Markets likely to be volatile; RIL, Tata group stocks in focus
Markets are likely to be volatile on Monday while trends in SGX Nifty indicate a soft opening of Indian benchmark indices. On Friday, the BSE Sensex ended at 60,059.06, up 381.23 points or 0.64% while the Nifty was at 17,895.20, up 104.85 points or 0.59% .
Asian shares slipped on Monday as global inflation angst favoured commodities as a hedge over US equities, while rising US bond yields lifted the dollar to two-and-a-half year peaks against the Japanese yen.
Nasdaq futures and S&P 500 futures were both down around 0.5% in early trade, as oil prices extended their bull run. MSCI's broadest index of Asia-Pacific shares outside Japan eased 0.2%, and Australia 0.9%. Japan's Nikkei lost 0.5%, after shedding 2.5% last week. The focus will be on earnings, US inflation and retail sales data, and minutes of the Federal Reserve's last meeting which should confirm that a November tapering was discussed.
Reliance Industries Ltd on Sunday announced a brace of clean energy deals, including the acquisition of REC Solar Holdings AS (REC group) and Sterling & Wilson Solar Ltd, underscoring billionaire Mukesh Ambani’s ambitions to grow its renewable energy portfolio quickly.
Tata Consultancy Services (TCS) on Friday reported a 14.1% rise in consolidated net profit to ₹9,624 crore in the September 2021 quarter. The company had logged a net profit of ₹8,433 crore (excluding adjustment) in the year-ago period, TCS said in a regulatory filing. Its revenue grew 16.7% to ₹46,867 crore for the September 2021 quarter from ₹40,135 crore in the year-ago period.
Tata Group was named as the winning bidder for Air India. This will give the group full control of Air India and its low-cost unit Air India Express as well as a 50% stake in ground handling company Air India SATS Airport Services Pvt. Ltd (AISATS), according to a finance ministry statement.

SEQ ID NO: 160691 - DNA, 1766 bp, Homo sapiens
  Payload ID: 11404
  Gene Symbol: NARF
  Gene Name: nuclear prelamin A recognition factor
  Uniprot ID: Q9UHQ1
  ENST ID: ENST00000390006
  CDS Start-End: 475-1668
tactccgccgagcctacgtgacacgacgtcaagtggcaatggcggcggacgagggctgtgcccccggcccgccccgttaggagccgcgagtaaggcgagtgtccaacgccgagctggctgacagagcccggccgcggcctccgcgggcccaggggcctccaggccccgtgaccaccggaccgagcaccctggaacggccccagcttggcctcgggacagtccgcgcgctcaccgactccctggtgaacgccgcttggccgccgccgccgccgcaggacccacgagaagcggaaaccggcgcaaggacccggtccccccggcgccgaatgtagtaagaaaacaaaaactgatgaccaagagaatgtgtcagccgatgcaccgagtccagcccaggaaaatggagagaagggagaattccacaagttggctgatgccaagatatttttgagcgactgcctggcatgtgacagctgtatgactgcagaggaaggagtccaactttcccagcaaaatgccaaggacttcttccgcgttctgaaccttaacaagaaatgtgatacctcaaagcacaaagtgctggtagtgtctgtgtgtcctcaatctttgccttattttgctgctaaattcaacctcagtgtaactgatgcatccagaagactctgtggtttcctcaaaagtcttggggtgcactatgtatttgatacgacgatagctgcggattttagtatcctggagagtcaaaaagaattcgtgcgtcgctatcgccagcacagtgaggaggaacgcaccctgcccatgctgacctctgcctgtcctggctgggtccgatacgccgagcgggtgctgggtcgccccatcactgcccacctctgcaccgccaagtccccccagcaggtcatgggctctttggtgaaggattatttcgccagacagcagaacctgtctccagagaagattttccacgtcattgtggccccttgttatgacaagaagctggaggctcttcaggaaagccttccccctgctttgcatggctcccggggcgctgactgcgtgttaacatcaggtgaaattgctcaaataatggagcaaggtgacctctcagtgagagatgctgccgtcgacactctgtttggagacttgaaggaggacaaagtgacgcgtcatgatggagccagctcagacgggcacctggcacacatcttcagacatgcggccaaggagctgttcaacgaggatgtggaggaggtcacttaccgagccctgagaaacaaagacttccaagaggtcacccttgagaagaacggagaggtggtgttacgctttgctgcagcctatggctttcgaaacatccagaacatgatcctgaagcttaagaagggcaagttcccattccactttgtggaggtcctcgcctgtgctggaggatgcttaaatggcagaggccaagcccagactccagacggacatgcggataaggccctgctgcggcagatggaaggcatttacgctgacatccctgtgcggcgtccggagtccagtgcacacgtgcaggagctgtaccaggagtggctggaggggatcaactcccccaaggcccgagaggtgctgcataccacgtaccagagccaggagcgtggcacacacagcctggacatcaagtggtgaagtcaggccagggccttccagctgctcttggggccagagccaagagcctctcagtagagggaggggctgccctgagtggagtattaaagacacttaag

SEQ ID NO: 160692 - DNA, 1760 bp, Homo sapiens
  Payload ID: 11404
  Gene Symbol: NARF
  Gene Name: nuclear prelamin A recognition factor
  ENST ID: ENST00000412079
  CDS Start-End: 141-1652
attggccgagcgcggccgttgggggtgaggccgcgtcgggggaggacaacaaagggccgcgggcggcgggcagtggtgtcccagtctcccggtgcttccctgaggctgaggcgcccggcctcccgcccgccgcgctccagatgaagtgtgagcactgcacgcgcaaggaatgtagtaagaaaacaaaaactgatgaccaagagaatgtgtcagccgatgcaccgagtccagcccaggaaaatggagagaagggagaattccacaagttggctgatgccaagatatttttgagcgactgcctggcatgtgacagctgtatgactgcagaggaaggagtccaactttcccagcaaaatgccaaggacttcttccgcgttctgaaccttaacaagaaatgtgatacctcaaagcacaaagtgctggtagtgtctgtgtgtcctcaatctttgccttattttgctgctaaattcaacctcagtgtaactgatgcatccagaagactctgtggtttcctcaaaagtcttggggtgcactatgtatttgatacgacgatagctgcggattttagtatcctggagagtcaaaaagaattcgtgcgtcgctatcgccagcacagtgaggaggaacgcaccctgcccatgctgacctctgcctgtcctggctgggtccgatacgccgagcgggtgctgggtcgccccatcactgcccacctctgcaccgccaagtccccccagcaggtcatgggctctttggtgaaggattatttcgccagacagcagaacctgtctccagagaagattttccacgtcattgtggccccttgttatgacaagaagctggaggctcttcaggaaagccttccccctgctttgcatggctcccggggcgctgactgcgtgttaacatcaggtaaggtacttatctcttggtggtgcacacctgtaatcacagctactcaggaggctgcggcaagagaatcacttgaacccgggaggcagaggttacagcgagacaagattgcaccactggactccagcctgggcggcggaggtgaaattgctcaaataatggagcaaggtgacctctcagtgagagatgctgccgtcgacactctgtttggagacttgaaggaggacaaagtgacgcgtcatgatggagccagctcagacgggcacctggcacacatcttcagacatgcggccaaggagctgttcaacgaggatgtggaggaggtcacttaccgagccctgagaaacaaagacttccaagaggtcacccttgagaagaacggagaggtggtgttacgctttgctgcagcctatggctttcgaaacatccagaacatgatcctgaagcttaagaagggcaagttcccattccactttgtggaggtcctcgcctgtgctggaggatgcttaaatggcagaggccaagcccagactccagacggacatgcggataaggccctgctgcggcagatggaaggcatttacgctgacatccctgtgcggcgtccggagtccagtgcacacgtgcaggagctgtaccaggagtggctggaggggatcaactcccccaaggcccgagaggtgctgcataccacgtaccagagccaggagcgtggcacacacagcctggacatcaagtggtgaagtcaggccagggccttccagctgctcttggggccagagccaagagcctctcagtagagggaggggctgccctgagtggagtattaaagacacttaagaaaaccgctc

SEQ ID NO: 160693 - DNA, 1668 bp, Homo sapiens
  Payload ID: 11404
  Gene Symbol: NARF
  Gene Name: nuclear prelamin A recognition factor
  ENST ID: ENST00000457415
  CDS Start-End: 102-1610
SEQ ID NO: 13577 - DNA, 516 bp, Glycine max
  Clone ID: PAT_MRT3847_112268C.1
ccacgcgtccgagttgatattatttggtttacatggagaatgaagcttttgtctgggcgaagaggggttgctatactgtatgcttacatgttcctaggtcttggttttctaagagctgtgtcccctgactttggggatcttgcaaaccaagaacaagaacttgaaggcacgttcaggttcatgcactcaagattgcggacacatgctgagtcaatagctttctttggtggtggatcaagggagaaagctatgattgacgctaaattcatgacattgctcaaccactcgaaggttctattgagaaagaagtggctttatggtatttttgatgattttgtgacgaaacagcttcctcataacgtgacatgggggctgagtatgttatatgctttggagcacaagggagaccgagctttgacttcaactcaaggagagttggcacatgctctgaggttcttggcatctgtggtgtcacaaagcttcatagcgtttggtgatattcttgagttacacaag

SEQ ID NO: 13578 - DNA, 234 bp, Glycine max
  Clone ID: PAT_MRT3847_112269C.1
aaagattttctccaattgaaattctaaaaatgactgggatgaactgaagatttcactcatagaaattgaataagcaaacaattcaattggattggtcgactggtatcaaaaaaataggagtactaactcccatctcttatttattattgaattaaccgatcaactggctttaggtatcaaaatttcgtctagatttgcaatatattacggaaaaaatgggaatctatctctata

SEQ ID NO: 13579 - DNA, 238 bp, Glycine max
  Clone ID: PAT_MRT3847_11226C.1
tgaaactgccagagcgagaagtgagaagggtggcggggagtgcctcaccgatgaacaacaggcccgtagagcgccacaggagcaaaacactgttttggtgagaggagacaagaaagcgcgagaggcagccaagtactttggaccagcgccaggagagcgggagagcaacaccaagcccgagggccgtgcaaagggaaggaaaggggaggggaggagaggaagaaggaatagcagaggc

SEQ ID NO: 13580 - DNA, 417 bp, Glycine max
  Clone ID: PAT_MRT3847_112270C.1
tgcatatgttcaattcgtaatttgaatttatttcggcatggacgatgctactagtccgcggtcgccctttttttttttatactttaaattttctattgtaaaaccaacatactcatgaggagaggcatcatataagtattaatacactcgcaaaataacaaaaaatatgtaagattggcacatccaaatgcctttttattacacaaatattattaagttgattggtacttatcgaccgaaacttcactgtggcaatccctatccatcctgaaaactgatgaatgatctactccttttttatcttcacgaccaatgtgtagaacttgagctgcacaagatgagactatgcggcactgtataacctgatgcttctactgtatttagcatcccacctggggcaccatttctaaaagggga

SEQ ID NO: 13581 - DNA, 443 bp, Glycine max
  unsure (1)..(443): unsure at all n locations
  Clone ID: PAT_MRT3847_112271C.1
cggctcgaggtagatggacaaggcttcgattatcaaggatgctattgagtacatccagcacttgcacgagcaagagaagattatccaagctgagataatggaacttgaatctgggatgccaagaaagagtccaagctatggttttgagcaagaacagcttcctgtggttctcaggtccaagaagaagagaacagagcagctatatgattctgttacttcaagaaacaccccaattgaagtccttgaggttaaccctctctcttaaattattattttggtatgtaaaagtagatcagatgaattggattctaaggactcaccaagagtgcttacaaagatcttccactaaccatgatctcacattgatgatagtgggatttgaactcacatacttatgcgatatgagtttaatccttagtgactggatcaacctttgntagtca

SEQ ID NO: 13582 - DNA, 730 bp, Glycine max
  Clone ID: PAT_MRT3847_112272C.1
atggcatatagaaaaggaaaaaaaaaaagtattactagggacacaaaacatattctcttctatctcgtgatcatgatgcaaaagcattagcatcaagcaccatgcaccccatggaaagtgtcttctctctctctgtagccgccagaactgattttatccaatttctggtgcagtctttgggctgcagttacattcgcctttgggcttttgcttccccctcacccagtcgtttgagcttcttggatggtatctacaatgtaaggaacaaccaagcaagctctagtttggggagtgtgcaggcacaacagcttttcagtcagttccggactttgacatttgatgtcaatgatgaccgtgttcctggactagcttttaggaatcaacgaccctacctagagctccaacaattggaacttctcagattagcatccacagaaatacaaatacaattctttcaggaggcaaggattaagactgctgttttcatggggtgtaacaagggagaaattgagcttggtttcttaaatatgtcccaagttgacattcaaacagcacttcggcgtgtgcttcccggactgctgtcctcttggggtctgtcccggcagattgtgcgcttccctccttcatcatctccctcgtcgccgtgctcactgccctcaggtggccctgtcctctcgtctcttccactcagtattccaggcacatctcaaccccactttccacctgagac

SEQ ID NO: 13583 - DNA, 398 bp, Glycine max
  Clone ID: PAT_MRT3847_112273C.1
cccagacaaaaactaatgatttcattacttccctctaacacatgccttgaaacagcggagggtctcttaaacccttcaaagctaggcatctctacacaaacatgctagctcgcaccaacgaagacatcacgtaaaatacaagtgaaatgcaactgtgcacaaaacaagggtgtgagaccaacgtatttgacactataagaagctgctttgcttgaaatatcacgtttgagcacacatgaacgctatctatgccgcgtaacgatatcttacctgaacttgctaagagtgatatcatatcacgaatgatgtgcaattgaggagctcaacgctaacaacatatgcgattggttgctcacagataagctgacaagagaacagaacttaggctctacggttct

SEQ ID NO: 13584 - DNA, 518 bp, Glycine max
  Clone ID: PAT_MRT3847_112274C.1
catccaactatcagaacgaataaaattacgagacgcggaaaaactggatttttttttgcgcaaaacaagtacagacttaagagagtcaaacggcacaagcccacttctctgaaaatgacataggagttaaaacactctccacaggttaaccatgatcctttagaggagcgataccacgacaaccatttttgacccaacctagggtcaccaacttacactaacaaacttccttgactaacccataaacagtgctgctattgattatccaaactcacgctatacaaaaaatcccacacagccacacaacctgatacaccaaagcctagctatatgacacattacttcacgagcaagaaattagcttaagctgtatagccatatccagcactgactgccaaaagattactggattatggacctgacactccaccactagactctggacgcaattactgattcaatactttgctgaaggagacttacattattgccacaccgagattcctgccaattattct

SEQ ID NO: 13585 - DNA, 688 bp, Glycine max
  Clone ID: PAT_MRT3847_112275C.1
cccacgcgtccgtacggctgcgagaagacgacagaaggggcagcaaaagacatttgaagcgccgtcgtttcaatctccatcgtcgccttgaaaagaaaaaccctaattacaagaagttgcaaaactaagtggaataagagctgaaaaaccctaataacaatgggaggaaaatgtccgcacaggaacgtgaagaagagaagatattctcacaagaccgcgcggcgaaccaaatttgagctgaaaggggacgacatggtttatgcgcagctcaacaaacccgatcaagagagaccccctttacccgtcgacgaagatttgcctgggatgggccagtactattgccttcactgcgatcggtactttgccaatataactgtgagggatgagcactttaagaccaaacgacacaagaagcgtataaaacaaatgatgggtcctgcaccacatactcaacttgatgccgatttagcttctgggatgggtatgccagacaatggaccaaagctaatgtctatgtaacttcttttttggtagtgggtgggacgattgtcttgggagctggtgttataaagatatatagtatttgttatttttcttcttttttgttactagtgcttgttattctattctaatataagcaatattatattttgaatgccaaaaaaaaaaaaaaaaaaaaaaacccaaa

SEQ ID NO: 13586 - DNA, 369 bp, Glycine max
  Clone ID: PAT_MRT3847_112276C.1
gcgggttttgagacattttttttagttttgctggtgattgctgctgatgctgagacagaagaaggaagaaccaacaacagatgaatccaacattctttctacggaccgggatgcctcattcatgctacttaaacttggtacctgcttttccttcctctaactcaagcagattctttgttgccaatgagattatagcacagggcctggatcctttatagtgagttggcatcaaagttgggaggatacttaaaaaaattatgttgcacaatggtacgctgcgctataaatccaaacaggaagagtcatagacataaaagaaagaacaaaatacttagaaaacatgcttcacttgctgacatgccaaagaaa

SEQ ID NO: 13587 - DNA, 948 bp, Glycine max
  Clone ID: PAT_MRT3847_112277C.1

Shares of Aditya Birla Sun Life AMC will make stock markets debut today. With a price band of ₹695 to ₹712, the issue was subscribed 5.25 times during share sale in 29 September-1 October.
While the headline US payrolls number on Friday disappointed, it was a partly due to reopening problems in state and local education while private sector employment was firmer.
Indeed, with a lack of labour driving the jobless rate down to 4.8%, investors were more concerned about the risk of wage inflation and pushed Treasury yields sharply higher. Yields on 10-year notes were trading up at 1.61%, having jumped 15 basis points last week in the biggest such rise since March. Bonds also sold off in Asia and Europe, with short-term yields in Britain hitting their highest since February 2020.
The dollar was underpinned as US yields outpaced those in Germany and Japan, lifting it to the highest since April 2019 on the yen at 112.27 The euro hovered at $1.1566 , having reached the lowest since July last year at $1.1527 last week. The dollar index held at 94.158, just off the recent top of 94.504.
The firmer dollar and higher yields has weighed on gold, which offers no fixed return, and left it sidelined at $1,753 an ounce .
Oil prices were up again after gaining 4% last week to the highest in almost seven years.
Brent climbed 25 cents to $82.64, while US crude rose 41 cents to $79.76 per barrel.